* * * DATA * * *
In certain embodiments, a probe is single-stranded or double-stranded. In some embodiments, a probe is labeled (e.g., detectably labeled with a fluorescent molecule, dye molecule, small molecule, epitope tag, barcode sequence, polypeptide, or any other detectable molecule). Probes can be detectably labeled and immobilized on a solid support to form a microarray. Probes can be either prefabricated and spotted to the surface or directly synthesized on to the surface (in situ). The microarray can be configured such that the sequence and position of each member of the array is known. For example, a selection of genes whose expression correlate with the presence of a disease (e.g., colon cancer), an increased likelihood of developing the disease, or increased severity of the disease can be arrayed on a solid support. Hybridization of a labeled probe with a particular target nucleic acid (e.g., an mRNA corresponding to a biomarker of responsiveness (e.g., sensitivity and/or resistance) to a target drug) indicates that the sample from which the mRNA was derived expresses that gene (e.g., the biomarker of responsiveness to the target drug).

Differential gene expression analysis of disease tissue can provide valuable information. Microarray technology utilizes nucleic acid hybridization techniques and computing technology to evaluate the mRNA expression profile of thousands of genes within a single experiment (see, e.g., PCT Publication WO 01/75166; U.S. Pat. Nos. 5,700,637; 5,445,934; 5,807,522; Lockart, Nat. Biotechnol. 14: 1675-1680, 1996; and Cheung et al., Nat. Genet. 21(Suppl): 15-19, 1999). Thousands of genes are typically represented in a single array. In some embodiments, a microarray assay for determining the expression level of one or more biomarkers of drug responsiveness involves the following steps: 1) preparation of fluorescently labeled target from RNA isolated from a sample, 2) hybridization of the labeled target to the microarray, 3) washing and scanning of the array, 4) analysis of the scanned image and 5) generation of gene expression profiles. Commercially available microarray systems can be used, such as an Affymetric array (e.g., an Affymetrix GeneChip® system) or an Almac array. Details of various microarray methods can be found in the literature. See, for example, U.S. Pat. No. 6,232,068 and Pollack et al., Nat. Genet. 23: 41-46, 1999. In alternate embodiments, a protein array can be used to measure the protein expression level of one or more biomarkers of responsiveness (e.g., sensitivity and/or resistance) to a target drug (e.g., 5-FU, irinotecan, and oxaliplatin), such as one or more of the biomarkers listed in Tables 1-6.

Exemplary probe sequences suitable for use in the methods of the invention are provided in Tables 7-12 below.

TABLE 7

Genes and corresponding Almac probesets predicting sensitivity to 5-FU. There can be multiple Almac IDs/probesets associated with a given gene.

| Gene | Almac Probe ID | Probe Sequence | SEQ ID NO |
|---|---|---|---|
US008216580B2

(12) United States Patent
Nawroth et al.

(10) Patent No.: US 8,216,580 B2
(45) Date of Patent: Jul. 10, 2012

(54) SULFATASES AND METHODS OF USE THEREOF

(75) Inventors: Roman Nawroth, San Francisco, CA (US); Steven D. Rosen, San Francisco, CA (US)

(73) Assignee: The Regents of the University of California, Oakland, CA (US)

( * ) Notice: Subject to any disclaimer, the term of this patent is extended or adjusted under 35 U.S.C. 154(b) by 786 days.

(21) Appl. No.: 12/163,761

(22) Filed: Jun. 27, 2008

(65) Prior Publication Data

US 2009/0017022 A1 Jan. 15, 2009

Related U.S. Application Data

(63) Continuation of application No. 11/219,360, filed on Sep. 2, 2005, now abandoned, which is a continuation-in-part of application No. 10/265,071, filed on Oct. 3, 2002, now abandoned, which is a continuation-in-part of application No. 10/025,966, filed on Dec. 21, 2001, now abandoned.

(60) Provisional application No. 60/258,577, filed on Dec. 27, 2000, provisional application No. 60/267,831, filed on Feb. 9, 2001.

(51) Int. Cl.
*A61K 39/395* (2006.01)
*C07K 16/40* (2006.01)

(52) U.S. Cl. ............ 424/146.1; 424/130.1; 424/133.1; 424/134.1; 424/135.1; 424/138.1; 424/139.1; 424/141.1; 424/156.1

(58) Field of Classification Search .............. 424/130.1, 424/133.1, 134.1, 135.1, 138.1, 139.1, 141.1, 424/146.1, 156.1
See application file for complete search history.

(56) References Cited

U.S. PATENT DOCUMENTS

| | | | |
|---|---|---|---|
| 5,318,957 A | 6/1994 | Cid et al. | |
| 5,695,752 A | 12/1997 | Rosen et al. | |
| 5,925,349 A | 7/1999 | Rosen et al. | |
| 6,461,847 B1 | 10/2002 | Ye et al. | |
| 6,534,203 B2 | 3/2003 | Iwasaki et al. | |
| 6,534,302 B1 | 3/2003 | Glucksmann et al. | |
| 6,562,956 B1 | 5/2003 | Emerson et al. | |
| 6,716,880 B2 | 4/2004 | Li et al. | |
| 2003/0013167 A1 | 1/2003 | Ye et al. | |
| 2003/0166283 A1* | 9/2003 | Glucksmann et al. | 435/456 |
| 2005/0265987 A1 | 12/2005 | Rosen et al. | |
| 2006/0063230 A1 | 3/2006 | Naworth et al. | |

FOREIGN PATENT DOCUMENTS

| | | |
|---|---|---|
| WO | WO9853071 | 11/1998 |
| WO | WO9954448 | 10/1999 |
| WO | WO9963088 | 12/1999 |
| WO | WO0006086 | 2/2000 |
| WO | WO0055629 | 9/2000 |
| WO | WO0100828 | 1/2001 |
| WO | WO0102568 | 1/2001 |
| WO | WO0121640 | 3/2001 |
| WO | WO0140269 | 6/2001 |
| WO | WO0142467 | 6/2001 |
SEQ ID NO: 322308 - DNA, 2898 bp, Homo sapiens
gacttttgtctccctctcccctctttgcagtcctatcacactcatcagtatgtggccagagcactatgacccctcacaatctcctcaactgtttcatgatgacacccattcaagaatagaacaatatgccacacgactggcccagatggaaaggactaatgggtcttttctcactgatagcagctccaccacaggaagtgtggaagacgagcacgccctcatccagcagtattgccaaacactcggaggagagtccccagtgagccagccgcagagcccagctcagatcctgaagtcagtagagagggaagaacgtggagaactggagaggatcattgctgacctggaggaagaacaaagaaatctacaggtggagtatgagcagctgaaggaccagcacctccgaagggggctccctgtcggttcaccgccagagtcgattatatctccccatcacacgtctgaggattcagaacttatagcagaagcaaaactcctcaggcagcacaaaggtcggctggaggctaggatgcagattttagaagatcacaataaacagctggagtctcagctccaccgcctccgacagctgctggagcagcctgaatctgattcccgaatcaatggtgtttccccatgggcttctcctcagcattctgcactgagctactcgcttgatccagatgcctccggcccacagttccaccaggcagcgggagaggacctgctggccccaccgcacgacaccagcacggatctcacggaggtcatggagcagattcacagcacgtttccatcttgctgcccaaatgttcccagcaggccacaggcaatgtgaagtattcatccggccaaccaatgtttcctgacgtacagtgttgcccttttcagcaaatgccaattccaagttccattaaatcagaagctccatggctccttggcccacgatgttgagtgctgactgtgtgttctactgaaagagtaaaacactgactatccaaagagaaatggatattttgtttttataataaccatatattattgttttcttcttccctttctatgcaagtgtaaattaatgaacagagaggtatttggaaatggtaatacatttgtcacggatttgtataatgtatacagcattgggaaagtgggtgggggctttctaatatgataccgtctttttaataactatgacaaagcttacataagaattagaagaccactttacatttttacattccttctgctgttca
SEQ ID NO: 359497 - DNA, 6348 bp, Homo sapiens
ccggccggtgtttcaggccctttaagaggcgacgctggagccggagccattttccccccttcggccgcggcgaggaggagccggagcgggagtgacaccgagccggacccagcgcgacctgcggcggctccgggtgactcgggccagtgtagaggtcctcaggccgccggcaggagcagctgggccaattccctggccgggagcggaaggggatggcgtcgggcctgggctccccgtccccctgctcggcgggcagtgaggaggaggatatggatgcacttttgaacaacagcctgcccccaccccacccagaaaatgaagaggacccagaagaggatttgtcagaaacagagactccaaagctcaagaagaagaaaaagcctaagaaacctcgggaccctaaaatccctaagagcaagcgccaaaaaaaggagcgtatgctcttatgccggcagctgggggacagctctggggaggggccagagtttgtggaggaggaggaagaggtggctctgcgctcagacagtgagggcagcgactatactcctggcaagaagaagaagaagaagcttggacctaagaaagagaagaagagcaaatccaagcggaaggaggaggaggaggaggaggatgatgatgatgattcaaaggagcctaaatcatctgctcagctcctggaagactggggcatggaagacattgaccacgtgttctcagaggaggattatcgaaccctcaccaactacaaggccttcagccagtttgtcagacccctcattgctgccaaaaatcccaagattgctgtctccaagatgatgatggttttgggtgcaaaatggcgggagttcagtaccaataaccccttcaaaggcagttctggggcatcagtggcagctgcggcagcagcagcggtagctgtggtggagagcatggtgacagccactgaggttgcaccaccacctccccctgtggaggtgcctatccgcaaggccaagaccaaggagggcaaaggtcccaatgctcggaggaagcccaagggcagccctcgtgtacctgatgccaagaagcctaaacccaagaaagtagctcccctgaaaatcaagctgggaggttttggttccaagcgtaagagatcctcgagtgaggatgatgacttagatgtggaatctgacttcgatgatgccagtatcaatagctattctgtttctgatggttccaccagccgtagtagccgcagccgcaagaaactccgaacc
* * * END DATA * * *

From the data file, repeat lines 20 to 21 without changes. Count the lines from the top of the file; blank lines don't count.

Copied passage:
US 2009/0017022 A1 Jan. 15, 2009

Related U.S. Application Data